State regulatory review board rejects PUC's net-metering limits

A state regulatory review board has struck down limits on how much surplus electricity customers who have their own alternative energy generators, like rooftop solar panels, can sell back to utilities in Pennsylvania.

The five-member Pennsylvania Independent Regulatory Review Commission on Thursday unanimously rejected the caps, which were established by the Public Utility Commission in February after a contentious public rulemaking process. The rules would have limited the amount of electricity a customer can sell to a utility at full retail rates — a process known as net metering — to 200 percent of that customer’s annual consumption.

At issue was whether the PUC had the legal authority to impose the limits. The review commission rejected the rules because the PUC “could not point to any statutory language or anything from the General Assembly that said they were permitted” to set the 200 percent cap, IRRC executive director David Sumner said.

Net metering was permitted as part of the 2004 Alternative Energy Portfolio Standards Act, in which legislators set a capacity limit for residential systems at 50 kilowatts. They also capped commercial systems at three megawatts and industrial systems at five megawatts.

But the PUC wanted to go further, imposing an additional limit on the size of solar installations based on how much power customers generate above their consumption. In approving the rules in a 3-2 vote in February, the PUC called the net metering limits an important consumer protection that balances renewable energy growth with keeping power prices affordable.

“A key point in this discussion is the intersection of two state mandates,” PUC spokesman Nils Hagen-Frederiksen said. “The requirement that customer-generators receive the ‘retail value’ for any excess power that is returned to the grid,” he noted, “potentially contradicts the requirement that utilities acquire power in a manner that ensures the lowest price over time for consumers.”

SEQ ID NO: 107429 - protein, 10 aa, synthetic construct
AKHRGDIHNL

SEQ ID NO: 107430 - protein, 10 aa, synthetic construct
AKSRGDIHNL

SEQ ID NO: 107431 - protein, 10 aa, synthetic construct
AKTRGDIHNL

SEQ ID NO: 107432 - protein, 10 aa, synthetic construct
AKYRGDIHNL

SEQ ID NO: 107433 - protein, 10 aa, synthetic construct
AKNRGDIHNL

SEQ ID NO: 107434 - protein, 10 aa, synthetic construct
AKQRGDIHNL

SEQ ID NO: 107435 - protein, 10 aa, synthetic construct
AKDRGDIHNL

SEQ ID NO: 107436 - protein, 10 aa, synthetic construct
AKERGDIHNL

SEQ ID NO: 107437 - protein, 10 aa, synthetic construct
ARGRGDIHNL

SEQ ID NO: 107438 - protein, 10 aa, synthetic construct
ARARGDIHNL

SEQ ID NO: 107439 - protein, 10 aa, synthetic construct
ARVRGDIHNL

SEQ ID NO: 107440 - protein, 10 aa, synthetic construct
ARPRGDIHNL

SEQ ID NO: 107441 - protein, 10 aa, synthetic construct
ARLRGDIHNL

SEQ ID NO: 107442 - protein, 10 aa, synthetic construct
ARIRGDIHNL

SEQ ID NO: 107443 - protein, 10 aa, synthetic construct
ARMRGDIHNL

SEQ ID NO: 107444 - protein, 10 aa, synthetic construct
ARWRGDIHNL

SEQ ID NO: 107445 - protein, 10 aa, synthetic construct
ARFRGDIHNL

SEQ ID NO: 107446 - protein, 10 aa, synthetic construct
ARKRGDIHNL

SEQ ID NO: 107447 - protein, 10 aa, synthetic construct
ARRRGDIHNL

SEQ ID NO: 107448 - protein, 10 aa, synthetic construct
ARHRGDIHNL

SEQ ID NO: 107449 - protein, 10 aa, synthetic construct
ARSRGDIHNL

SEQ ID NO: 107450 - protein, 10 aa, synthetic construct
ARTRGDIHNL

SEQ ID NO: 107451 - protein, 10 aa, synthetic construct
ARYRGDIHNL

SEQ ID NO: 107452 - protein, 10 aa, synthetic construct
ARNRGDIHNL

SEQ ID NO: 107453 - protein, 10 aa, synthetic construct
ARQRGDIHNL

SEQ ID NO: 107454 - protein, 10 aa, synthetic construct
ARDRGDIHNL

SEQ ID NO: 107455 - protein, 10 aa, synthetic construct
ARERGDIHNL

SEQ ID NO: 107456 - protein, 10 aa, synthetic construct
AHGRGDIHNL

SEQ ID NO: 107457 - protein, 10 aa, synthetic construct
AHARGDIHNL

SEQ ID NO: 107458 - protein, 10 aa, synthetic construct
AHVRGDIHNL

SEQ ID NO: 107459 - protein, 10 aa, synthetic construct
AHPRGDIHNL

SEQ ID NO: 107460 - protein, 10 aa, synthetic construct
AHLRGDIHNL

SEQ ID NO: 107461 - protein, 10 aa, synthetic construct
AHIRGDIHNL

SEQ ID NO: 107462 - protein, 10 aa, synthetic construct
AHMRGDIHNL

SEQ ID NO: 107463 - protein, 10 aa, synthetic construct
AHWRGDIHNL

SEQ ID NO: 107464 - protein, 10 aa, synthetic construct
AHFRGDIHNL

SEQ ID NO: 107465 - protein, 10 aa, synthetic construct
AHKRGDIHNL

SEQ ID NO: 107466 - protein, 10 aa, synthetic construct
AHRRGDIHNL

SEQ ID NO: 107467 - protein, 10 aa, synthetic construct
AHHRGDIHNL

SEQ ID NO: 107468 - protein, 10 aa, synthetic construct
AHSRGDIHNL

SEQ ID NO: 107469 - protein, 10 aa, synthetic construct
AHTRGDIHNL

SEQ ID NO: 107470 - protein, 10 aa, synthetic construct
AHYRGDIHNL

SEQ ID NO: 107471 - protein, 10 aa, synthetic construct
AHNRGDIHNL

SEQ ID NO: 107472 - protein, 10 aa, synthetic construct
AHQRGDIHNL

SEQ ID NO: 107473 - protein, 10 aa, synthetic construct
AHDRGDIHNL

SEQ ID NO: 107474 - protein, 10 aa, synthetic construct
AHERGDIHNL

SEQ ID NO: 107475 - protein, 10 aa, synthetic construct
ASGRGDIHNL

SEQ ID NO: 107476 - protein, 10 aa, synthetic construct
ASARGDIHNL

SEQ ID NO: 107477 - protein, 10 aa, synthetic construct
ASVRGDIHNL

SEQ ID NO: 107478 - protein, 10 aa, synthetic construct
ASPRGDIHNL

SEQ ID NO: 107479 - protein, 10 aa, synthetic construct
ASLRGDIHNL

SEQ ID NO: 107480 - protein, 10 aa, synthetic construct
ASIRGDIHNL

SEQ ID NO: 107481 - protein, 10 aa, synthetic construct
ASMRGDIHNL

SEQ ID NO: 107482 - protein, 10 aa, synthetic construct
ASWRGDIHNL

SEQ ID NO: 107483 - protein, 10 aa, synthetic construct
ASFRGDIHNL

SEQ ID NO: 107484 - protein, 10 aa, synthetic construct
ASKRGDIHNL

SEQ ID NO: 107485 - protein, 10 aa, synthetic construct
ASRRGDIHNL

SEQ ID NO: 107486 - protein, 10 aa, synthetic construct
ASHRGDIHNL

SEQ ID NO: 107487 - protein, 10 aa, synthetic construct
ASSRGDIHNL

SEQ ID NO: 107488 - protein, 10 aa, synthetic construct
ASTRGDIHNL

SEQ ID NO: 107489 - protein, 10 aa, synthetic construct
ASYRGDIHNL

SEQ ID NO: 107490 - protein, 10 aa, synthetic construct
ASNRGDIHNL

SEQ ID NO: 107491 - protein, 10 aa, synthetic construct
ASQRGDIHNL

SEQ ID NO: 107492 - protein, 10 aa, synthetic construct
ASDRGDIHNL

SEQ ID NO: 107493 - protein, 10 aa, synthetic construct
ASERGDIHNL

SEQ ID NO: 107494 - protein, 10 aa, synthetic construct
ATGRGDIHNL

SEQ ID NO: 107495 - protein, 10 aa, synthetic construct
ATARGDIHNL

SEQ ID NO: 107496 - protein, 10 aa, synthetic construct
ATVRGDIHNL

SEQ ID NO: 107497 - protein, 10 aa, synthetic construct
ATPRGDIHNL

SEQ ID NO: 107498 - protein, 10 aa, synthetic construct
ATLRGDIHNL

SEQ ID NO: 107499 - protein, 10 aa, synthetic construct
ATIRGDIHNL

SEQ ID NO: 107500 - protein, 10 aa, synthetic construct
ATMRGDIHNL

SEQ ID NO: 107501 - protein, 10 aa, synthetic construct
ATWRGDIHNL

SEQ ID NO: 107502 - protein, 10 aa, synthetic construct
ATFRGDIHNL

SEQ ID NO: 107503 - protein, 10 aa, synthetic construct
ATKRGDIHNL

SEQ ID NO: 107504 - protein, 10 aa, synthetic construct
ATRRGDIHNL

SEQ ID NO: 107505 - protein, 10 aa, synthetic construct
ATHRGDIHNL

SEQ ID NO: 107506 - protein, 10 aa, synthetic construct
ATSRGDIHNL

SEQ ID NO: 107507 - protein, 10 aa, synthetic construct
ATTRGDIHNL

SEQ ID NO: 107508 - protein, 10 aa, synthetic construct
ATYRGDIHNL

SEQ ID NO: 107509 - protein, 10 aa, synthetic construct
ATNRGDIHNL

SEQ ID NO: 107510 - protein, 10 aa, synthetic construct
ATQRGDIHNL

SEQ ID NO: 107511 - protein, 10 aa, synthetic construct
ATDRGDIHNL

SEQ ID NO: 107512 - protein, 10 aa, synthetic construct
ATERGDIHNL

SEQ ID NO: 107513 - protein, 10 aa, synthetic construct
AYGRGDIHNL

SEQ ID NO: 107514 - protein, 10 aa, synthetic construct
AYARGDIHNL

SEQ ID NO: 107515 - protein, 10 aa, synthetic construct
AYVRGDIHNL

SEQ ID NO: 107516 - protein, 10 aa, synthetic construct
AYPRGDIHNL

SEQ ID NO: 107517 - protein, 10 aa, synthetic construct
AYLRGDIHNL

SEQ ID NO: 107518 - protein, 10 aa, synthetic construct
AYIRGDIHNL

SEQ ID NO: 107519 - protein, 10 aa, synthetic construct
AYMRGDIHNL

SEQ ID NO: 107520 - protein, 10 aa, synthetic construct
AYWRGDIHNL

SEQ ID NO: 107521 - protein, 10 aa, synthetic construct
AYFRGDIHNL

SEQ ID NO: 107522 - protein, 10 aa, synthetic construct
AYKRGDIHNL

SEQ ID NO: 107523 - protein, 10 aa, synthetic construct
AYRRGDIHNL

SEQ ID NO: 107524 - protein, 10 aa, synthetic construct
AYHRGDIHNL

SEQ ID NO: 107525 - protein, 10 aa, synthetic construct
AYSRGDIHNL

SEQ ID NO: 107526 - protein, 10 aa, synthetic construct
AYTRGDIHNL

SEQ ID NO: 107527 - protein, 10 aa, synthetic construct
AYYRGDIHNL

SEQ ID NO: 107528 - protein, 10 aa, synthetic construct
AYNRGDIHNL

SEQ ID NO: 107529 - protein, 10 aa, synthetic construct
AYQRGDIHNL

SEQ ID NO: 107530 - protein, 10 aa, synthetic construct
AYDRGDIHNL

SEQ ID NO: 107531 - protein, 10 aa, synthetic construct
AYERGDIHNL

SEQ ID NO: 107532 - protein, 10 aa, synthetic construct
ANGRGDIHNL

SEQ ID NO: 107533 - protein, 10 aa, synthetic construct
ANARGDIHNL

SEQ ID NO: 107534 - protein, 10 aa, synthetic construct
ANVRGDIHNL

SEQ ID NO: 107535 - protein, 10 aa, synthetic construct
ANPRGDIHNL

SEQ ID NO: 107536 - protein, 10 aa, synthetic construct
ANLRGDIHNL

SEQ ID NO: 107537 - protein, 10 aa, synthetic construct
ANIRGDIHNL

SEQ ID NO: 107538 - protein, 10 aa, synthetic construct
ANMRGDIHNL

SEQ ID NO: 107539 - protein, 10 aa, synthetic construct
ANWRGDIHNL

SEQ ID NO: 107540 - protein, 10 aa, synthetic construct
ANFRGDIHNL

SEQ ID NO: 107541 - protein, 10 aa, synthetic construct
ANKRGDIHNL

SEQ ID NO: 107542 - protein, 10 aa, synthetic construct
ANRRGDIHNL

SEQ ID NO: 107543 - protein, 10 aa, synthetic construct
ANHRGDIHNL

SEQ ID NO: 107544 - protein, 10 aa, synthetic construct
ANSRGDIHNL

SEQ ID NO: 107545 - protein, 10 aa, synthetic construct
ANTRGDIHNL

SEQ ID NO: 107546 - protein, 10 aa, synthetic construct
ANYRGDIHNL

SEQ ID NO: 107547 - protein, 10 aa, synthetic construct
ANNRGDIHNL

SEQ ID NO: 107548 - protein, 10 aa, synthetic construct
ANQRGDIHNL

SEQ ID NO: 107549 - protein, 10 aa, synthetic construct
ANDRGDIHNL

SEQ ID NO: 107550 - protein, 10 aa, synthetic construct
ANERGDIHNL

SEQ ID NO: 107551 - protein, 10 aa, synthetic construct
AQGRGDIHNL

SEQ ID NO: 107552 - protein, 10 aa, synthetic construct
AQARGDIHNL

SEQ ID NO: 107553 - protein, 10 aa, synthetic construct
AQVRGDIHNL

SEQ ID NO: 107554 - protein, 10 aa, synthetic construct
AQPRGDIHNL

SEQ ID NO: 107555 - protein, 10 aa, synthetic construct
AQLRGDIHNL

The review commission’s rejection Thursday comes after the state Department of Environmental Protection last week urged that the limits be scrapped. The cap was also opposed by alternative energy advocates, including the solar and landfill gas-to-energy industries.

Utilities generally supported a lower limit on the size of energy systems that qualify for net metering.

Mr. Hagen-Frederiksen said the PUC will review the regulatory review commission’s action as well as recent public comments on the rules before deciding how to proceed.

The PUC can either withdraw the regulation or resubmit it to IRRC, with or without revisions, within 40 days for another review.

The changing makeup of the PUC will be a factor influencing any path forward for the rules. One of the majority votes in favor of the net-metering limits, Pamela Witmer, left the commission in April after her term expired. Gov. Tom Wolf has nominated his senior energy adviser David Sweet to fill the vacancy, but the nomination must first be confirmed by a majority of the state Senate.

Daniel Moore:, 412-263-2743 and Twitter @PGdanielmoore. Laura Legere:

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